01 — I had not realized I was looking for proof (the kind I could attest to) of J.K. Rowling’s hand in The Cuckoo’s Calling—published (and I daresay written) under the pseudonym Robert Galbraith—until I found it: A note left by down-on-his-luck private investigator Cormoran Strike to his new temp Robin; the indentation and change of font was meant to simulate an actual scrawled missive. All it needed, really, was a signature at the bottom, scratched with a quill. There it was, something familiar, a reassurance. Once I’d found it, I let what semblance of a literary hunt there was in my head, and fully threw myself into Robert Galbraith’s vastly confident story. (At the back of my mind, though, there remained with every turn of the page: Pride for what Rowling had accomplished, pride at the pride she must have felt when something came to life once again under her hand.)
02 — Galbraith’s detective story [I’m partial to that label more than “mystery,” because that’s what the narrative insists]—and an homage to a contemporary London that has long eluded me in my reading—is a fully realized world because the author is confident in navigating the rush-and-crush of plot. It’s a very straightforward storytelling, surprisingly, the tricky business of keeping a reader hooked. On one hand, there’s the process of revelation—crucial to any work of effective fiction, but of the utmost importance when there’s a question at the heart of the work that needs to be answered neatly. Galbraith knows what to reveal and how to reveal it, without pausing for breaks. You need to find out more, and it’s so satisfying when you do—because the author has made sure you feel that way. In the end, you have this story that’s whole and complete because the author made sure that everything was in its place, often working beyond your notice to ensure so. It’s a greater satisfaction, at its close. (And all of it is told in this confident, occasionally folksy, forgivingly and thrillingly verbose language that just happens to be my cup of tea.)
Plus Cormoran Strike is—to borrow a phrase from Boucher—the engine-heart of this vehicle. Though the need to find out what happened kept me going, being with Cormoran Strike through it all was its own reward. He’s easily now one of my favorite men in fiction—right up there with Sherlock Holmes and, um, Batman. I can’t wait to read more of him.
03 — Am currently reading Marisha Pessl’s Night Film, and the similarities between it and the Galbraith are almost amusing—it’s like two different shades of one story are running through my head at the same time. Both have the same basic premise: A young woman falls to her death, and a ragtag team race to uncover the truth behind what’s been tagged as a suicide. The treatment veers off, given each book’s surrounding variables: Pessl is currently in occult territory, one bolstered by the enigma of a cult-status hermit director (who happens to be the young woman’s father)—elements that make you keep reading; Galbraith doggedly navigated through both the glitzy and seedy quarters of his city, always retaining his lead’s chip-on-the-shoulder, always holding on to a compelling realism.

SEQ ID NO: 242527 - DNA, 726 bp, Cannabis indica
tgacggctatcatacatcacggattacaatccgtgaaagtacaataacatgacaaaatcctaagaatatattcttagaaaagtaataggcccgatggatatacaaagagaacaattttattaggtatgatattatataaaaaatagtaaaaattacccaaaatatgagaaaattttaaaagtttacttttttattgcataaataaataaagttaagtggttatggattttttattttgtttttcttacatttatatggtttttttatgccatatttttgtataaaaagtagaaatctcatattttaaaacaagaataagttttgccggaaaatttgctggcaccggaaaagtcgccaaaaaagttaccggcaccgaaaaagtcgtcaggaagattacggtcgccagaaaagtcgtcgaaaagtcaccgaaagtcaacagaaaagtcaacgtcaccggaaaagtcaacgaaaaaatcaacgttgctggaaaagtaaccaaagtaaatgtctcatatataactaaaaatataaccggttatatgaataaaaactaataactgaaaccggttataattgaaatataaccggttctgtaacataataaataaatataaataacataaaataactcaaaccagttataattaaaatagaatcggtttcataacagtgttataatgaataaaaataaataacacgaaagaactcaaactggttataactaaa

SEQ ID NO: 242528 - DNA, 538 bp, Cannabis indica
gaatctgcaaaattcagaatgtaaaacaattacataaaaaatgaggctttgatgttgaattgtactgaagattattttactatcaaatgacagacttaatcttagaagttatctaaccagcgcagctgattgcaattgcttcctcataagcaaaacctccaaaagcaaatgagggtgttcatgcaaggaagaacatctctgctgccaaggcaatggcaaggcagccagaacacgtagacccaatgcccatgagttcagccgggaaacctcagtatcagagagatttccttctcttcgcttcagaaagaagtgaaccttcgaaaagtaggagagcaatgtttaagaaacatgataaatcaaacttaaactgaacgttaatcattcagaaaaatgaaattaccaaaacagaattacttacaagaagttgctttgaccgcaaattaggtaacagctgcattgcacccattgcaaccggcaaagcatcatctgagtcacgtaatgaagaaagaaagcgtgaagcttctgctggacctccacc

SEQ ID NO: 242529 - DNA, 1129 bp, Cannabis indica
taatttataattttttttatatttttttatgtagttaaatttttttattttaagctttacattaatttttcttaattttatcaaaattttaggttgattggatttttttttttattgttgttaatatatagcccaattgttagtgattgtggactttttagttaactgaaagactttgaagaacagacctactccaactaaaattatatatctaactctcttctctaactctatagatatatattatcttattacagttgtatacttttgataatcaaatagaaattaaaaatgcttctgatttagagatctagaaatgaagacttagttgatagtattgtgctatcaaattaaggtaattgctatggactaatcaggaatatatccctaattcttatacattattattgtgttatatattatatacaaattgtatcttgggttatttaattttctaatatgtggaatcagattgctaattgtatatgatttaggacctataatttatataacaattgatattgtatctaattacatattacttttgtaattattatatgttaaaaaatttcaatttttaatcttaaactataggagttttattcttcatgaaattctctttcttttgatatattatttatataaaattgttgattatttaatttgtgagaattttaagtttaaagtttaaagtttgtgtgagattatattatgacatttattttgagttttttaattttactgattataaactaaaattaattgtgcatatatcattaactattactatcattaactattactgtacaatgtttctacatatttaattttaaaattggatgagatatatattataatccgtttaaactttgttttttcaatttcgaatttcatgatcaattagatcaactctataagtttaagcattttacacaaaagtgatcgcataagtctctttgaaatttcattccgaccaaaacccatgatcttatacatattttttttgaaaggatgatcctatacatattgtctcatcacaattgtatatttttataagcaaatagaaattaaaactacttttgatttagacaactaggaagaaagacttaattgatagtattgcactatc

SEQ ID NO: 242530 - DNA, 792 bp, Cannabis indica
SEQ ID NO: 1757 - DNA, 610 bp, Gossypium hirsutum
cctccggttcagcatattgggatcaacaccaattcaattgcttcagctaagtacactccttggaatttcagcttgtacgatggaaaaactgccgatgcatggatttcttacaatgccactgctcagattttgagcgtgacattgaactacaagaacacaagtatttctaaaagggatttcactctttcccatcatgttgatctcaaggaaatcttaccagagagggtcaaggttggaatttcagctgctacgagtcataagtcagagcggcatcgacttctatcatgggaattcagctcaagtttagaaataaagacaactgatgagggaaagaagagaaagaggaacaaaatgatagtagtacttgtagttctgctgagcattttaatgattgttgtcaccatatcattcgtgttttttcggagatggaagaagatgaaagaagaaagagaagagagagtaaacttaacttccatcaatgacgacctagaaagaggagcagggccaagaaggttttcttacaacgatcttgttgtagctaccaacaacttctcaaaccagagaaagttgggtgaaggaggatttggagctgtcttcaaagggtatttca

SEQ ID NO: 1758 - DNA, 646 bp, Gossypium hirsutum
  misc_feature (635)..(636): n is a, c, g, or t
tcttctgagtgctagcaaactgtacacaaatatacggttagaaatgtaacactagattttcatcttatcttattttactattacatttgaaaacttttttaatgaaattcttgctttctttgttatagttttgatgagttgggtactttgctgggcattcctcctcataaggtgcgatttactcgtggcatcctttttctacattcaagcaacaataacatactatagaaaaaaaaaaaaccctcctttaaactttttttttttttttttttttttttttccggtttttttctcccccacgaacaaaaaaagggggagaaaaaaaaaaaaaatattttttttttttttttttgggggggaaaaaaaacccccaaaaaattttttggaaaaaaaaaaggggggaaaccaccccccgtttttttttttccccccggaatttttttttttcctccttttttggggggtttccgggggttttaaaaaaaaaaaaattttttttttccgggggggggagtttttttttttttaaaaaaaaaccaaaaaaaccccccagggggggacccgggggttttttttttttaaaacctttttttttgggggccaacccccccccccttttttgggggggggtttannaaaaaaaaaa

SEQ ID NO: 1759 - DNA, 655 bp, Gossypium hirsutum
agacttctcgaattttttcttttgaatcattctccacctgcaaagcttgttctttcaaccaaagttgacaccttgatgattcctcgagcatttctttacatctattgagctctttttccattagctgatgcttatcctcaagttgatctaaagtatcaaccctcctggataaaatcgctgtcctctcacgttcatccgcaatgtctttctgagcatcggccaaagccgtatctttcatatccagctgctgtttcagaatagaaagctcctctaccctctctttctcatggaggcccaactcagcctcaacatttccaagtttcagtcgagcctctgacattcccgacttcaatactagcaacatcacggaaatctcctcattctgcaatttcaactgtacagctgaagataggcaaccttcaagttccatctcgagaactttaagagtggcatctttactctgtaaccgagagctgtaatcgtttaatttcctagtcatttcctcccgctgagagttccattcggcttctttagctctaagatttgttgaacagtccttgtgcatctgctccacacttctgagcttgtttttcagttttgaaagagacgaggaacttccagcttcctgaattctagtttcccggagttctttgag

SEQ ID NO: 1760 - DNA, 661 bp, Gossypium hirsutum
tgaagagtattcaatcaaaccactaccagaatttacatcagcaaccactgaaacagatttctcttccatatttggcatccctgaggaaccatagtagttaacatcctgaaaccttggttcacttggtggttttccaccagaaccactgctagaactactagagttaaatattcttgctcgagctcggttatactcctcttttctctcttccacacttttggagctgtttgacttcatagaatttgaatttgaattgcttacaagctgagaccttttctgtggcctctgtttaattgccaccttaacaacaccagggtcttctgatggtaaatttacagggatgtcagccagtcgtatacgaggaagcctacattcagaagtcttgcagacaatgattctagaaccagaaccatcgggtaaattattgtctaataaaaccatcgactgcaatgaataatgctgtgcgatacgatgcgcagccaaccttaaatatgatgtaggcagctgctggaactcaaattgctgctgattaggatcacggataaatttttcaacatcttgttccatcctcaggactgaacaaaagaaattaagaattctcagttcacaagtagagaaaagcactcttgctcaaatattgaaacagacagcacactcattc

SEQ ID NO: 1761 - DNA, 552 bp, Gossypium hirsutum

A starker difference, though, in the leads. Cormoran Strike is my kind of anti-hero (one that won’t even think he’s one, because he’s got way too much shit on his plate, thank you very much) and he’s deliberately paired himself with the very competent Robin. At the moment, even though his companions are showing signs of usefulness, investigative journalist Scott McGrath has picked up two virtual strays who undermine his authority and always seem to be in danger of letting the whole operation go to the dogs. Then again, McGrath has never seemed to me the most stand-up guy: After all, he threw away a stellar career spanning two decades hours after receiving an anonymous tip.
What’s pulling me forward with Night Film is the need to uncover Ashley Cordova; although the novel’s very generous with the revelations, I could care less about the characters I’ve tagged along with. On the other hand, The Cuckoo’s Calling was the complete package: I read it for Lula Landry’s death shedding less of its mystery the deeper we get into the novel, I read it for Cormoran Strike and his keen focus and his personality and his life and his patent un-coolness and his quiet indomitableness, I even read it for Robin.